This, he says, will be complemented by central bank monetary policy open market operations that targets mopping up of excess banking system liquidity and in process reduce demand for foreign exchange.

Due to the mounting pressure on the local unit created by the critical shortage of forex, the kwacha has shed about 6 percent of its value since the start of the year.

Fimda President Maclewen Sikwese observes that the current pressure on the local unit, the Kwacha, is expected to persist in the short to medium terms due to rising demand for forex.

Sikwese says as economies continue to open up due to the easing of the Covid pandemic, demand for commodities is expected to surge, leading to further rises in demand for forex.

Chancellor College Economics Professor Ronald Mangani says the country’s financial market players have been partly to blame for the delicate foreign exchange situation for Malawi as they have supported consumption at the expense of consumption.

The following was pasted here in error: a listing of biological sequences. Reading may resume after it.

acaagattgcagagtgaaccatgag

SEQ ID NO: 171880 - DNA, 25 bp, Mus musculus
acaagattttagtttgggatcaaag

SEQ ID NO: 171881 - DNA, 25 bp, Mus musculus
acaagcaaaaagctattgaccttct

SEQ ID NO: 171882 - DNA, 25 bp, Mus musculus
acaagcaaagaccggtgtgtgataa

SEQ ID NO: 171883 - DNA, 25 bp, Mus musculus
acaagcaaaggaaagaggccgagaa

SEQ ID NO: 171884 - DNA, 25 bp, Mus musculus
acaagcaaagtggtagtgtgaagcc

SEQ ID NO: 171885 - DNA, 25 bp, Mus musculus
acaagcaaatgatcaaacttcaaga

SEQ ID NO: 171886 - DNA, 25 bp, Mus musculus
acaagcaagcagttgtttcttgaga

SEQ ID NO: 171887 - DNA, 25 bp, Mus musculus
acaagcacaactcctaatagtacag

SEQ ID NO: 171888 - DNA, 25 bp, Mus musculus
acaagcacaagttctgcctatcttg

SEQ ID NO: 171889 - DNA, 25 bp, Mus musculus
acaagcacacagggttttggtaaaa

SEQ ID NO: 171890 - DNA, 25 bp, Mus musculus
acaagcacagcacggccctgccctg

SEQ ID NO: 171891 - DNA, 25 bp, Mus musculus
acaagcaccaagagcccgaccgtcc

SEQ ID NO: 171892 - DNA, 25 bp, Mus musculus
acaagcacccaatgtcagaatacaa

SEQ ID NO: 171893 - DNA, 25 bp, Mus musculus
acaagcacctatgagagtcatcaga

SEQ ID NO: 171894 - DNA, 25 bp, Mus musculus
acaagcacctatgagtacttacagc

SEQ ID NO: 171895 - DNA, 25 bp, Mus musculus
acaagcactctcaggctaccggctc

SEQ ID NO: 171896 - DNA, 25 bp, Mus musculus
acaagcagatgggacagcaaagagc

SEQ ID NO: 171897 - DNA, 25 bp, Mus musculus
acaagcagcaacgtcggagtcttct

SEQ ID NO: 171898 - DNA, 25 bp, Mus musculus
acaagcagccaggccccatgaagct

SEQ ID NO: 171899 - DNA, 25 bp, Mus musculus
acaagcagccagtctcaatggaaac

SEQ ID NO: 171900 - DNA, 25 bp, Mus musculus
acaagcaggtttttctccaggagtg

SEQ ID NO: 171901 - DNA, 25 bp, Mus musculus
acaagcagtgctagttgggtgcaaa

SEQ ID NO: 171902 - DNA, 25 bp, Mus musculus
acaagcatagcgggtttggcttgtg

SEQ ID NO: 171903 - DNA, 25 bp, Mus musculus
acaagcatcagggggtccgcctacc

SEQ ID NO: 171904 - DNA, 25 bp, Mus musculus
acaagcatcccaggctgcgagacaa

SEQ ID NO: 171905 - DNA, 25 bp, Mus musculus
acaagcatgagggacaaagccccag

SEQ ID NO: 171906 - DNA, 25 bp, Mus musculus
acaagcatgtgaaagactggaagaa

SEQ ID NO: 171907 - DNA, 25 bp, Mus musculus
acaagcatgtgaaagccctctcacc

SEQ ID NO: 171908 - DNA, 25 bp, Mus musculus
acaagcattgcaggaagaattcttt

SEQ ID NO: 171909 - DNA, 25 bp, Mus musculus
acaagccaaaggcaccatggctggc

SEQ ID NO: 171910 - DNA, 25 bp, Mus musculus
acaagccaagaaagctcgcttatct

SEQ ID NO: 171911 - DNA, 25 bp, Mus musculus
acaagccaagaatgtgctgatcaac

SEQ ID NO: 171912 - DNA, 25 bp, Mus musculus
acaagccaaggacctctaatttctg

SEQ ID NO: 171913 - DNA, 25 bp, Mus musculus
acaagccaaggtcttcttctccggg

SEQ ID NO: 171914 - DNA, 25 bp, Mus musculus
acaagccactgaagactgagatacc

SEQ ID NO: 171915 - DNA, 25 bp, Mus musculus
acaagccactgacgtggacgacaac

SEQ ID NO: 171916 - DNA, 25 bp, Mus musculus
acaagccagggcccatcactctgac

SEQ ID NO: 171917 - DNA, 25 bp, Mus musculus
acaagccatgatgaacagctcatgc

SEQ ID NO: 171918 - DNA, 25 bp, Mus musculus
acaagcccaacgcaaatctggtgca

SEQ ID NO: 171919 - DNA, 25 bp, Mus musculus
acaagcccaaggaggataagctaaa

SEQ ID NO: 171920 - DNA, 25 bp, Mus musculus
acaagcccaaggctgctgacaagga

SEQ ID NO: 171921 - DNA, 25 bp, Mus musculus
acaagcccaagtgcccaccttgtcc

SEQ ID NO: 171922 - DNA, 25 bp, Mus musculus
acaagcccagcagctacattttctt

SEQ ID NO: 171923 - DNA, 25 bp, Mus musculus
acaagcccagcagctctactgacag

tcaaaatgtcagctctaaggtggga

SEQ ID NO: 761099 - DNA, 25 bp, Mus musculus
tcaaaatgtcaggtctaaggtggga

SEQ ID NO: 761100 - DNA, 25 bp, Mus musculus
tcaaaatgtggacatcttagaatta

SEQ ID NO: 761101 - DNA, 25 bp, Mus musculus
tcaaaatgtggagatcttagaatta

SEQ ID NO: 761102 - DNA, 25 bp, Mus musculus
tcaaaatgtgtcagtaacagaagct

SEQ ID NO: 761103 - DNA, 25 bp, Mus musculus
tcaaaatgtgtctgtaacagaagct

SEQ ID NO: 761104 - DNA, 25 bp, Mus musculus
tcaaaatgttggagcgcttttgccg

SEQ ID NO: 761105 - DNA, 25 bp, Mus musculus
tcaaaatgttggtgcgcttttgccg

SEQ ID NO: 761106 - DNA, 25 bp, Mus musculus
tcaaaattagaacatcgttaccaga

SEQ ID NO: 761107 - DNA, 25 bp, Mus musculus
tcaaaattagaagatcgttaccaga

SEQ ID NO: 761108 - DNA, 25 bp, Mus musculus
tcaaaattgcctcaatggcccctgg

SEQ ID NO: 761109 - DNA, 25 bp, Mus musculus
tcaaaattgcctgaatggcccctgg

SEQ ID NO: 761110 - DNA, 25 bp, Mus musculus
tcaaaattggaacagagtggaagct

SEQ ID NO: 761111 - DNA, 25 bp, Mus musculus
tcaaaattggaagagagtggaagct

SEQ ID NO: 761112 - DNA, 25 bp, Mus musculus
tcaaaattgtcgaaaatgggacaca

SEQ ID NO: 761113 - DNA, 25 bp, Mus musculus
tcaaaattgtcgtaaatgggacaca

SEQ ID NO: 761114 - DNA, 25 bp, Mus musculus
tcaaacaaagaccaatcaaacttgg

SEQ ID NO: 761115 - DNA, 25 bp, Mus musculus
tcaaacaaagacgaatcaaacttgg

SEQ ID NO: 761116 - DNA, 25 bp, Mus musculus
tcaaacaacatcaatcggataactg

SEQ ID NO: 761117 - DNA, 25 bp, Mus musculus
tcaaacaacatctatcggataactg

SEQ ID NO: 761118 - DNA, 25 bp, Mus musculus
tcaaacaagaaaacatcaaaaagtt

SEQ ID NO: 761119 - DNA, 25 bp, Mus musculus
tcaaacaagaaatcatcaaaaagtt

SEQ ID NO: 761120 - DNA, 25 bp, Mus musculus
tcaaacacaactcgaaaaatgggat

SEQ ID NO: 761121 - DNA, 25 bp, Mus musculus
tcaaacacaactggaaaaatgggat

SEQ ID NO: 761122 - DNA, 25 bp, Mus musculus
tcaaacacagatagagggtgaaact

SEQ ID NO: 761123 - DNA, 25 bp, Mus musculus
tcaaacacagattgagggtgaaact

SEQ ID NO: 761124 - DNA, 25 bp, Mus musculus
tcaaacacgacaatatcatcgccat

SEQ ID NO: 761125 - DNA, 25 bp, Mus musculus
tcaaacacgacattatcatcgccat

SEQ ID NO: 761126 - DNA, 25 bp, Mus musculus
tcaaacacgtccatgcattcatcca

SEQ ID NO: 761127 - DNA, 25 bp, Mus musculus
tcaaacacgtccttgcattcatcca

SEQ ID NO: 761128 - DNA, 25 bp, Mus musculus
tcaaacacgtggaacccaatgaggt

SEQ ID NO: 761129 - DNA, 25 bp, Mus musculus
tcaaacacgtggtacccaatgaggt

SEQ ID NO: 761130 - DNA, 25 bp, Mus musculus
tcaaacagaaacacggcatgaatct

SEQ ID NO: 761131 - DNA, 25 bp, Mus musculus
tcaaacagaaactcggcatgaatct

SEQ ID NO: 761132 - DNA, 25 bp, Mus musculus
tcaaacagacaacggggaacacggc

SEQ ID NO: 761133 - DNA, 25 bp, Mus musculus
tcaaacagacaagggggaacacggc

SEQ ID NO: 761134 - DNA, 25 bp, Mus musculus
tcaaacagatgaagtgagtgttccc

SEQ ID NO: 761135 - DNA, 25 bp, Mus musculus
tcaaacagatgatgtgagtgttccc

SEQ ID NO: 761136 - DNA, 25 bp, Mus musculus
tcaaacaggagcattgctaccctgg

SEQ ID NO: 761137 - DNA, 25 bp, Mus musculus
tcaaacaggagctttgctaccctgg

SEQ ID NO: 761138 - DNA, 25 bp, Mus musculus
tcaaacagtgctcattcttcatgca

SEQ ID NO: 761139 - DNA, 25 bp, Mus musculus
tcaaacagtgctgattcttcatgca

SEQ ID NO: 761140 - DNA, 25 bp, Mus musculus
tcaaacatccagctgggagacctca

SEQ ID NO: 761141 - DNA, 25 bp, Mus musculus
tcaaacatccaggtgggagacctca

Mangani says most of the loanable funds have gone towards government, wholesale and retail sectors of the economy with very little going towards manufacturing which would boost exports.

While businesses have embraced the Importing Nation label and are busy scrambling to the few dollars that are there in the market, the Malawi Investment and Trade Centre (MITC) says time has come for the country to take advantage of the various market opportunities that have opened up in the region to increase their productive capacities and earn the much-needed forex.